Skyscanner: Bonamy Grimes, Barry Smith and Gareth Williams

Barry Smith on how his business is revolutionising the way we search for flights online


Google founders Larry Page and Sergey Brin famously started their multi-billion dollar search engine without a clue how, or even if, it would make any money. Their mission was to make the burgeoning world wide web accessible to all.

Bonamy Grimes, Barry Smith and Gareth Williams started flight search engine Skyscanner similarly oblivious to its money-making potential after noticing there was no user-friendly way of finding flight prices online.

All three were IT contractors, and Williams, who would work two weeks on, then two weeks off, was taking fortnightly trips to his ski instructor brother in Val d’Isere. “Being a geek, he wrote some code which downloaded three low-cost airlines’ flights into a spreadsheet,” explains Smith. “That was kind of version one of the site.”

These days, its proprietary technology offers users a great deal of flexibility in the way they can search for flights online, in recognition of the fact that 25% of its visitors are browsers who don’t have fixed parameters.

Crucially, Skyscanner doesn’t require users to supply specific airports and dates to return a flight price. Unlike travel price comparison sites, which acquire data from multiple sources, Skyscanner stores information on its own database. Speed is of the essence for increasingly impatient web users, and by indexing and caching data in the same way as Google, its results are displayed instantly.

“We’re a technology company that happens to be in travel, rather than a travel company,” says Smith. “We now work with some of the biggest airlines in the world to help them develop their xml APIs.”

For those not fluent in geek-speak, Smith explains that this means Skyscanner is helping carriers develop feeds to distribute their prices.

With 47 staff at its Edinburgh base, Skyscanner has come a long way from the days of the company’s founders working in bedrooms with servers in their lofts. The site, while free for users, has just achieved a record £1.25m quarter through a number of revenue models.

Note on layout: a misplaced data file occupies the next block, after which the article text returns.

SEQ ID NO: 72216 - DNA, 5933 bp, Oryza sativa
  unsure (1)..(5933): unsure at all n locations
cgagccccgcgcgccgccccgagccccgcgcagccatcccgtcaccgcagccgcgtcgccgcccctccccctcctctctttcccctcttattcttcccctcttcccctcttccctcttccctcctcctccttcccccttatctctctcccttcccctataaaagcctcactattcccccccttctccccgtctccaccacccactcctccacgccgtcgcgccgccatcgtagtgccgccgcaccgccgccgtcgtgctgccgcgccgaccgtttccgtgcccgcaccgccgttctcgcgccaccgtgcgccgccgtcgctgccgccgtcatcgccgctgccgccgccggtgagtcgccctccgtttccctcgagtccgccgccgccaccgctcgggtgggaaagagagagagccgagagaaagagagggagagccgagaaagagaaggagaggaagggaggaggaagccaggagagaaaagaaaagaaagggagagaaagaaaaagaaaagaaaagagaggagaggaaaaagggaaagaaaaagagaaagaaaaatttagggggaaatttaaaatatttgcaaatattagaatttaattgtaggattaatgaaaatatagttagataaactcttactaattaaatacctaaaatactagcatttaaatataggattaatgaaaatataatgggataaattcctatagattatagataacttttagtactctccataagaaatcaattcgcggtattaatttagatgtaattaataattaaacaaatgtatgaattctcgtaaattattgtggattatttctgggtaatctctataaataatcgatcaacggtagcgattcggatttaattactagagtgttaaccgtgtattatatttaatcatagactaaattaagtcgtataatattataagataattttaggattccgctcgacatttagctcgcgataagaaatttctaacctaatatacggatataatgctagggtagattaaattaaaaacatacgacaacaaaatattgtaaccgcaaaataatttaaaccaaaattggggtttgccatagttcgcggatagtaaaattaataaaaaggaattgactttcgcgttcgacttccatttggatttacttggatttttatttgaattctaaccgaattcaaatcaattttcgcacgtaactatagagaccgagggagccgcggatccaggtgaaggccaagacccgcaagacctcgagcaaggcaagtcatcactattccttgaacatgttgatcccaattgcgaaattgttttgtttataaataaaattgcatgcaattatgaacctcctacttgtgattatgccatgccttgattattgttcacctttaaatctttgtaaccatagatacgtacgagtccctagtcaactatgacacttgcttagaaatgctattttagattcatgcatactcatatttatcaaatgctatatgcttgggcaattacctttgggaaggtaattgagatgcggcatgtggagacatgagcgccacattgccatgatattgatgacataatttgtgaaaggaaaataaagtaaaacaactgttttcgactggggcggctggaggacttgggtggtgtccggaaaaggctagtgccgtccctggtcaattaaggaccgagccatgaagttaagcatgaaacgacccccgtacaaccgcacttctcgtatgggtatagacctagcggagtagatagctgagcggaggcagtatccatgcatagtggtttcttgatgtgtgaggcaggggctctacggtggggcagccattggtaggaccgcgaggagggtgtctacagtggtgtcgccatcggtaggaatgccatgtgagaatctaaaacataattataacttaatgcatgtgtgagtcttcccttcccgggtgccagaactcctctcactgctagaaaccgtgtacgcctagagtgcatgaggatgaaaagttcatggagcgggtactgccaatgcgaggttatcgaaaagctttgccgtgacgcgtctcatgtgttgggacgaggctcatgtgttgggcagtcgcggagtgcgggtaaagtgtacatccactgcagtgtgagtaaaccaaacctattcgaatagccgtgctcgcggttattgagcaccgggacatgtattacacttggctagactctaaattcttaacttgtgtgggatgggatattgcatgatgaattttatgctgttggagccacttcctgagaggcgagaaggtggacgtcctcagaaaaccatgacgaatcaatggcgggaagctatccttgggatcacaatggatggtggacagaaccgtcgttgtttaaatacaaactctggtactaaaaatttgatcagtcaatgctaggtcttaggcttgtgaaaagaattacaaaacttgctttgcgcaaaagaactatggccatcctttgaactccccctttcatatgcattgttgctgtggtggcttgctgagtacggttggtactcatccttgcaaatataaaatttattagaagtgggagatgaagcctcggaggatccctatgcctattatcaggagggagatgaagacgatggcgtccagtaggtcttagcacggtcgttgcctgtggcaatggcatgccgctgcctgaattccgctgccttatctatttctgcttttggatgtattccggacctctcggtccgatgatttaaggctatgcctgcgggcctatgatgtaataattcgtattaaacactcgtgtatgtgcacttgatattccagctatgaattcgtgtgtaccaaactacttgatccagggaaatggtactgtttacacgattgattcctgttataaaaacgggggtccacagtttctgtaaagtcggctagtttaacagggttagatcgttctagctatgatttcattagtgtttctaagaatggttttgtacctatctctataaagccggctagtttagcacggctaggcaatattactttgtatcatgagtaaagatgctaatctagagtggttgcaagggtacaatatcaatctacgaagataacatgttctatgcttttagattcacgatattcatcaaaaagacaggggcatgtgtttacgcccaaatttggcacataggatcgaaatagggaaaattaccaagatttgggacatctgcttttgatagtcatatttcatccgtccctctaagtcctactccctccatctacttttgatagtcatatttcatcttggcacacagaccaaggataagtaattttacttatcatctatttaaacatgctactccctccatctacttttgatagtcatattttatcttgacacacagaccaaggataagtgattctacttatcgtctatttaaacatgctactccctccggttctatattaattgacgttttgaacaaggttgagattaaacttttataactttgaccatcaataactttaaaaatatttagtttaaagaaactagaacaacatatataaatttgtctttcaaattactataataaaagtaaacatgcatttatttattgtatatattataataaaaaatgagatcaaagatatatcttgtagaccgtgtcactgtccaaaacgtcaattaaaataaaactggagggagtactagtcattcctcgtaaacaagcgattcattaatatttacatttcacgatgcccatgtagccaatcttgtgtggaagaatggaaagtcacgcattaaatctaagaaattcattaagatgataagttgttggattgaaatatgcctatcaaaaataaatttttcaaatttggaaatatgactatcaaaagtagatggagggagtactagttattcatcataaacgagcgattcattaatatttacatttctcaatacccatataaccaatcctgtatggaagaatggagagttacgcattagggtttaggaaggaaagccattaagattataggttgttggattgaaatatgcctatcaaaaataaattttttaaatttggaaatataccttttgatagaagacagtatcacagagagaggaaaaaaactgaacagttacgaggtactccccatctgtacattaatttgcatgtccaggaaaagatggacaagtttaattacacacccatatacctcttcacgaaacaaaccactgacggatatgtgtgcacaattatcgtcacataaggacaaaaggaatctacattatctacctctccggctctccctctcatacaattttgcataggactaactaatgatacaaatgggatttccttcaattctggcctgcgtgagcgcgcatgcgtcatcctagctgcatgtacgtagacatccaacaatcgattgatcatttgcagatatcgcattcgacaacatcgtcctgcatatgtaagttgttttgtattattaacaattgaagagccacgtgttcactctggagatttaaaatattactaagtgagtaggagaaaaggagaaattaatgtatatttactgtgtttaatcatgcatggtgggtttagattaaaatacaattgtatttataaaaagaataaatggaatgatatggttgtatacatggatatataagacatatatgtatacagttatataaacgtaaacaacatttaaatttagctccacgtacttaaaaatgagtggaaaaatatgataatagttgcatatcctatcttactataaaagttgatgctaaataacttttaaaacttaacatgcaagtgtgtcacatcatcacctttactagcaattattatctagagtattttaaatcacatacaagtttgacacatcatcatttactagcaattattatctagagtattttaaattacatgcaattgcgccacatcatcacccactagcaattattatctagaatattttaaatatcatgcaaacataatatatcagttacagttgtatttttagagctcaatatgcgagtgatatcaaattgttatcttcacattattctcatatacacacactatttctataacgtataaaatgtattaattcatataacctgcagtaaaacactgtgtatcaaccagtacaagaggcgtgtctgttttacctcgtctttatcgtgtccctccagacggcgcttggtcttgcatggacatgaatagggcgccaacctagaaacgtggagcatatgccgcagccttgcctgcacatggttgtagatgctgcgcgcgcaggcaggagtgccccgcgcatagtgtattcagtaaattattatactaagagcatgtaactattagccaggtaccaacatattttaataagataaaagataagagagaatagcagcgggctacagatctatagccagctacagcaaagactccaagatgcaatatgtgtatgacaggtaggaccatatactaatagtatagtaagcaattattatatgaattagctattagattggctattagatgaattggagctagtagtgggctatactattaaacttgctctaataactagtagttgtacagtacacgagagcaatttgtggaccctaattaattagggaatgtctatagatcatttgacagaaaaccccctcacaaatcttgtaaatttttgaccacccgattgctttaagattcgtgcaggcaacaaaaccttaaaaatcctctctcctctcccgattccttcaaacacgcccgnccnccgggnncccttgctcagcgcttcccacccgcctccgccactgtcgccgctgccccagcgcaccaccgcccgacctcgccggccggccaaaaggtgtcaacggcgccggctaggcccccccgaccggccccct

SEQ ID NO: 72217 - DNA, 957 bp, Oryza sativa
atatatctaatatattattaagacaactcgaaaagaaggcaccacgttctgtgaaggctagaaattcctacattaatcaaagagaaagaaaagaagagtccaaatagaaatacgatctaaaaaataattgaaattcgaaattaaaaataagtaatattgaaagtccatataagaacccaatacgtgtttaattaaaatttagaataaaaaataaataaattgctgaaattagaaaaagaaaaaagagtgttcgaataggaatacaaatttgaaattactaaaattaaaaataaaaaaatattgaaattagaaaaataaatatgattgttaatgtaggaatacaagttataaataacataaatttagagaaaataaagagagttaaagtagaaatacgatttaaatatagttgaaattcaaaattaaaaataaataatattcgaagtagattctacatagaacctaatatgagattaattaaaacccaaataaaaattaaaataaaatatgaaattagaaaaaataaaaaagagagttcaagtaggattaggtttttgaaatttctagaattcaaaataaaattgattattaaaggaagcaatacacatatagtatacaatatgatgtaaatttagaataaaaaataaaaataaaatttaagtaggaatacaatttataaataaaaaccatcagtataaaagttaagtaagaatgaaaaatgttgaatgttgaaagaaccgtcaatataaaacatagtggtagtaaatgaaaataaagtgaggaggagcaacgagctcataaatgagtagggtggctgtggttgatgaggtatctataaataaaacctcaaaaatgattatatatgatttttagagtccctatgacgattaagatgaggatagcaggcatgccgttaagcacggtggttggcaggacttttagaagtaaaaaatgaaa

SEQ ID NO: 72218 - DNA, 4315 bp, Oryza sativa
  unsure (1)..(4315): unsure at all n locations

“We earn our wage in the same way that Google and Yahoo do,” says Smith. “We provide the search technology and refer users on to the suppliers of travel products. We don’t get involved in the transaction in any way.”

The business has set its sights literally sky high, with a mission to index every commercial flight in the world. “Even after eight years, no one is doing it right -there’s no single site you can go to,” says Smith. But acquiring the disparate price data is no mean feat – some of the older carriers in Asia and South America still post their flight timetables on paper.

That said, after two rounds of venture capital investment (starting with £2.5m from Scottish Equity Partners in 2007), Smith believes his company has the focus and scalability to achieve this. Even before the funding, Skyscanner was recording organic growth of 100% a year, and it’s now the biggest flight search engine in Europe. The site’s availability in 20 languages brings 65% of users from outside the UK, and it has broken its own traffic record each month this year, with more than six million visitors in May and over 50 million flight searches.

A recent move into car rentals, with hotels and package holidays in the pipeline, should see this continue. By working with third parties, it can offer users this added functionality, while continuing to invest all its resources into perfecting flight search. A grant of just under £600,000 from the Scottish government will help this cause, funding work on a ‘free text’ project, which Smith promises will recast the way flights can be searched for once again.

Just like Google, Skyscanner is committed to becoming the fastest and most comprehensive search engine possible. “If we can aspire to a tenth of what Google has achieved, I’ll be happy,” says Smith.

 

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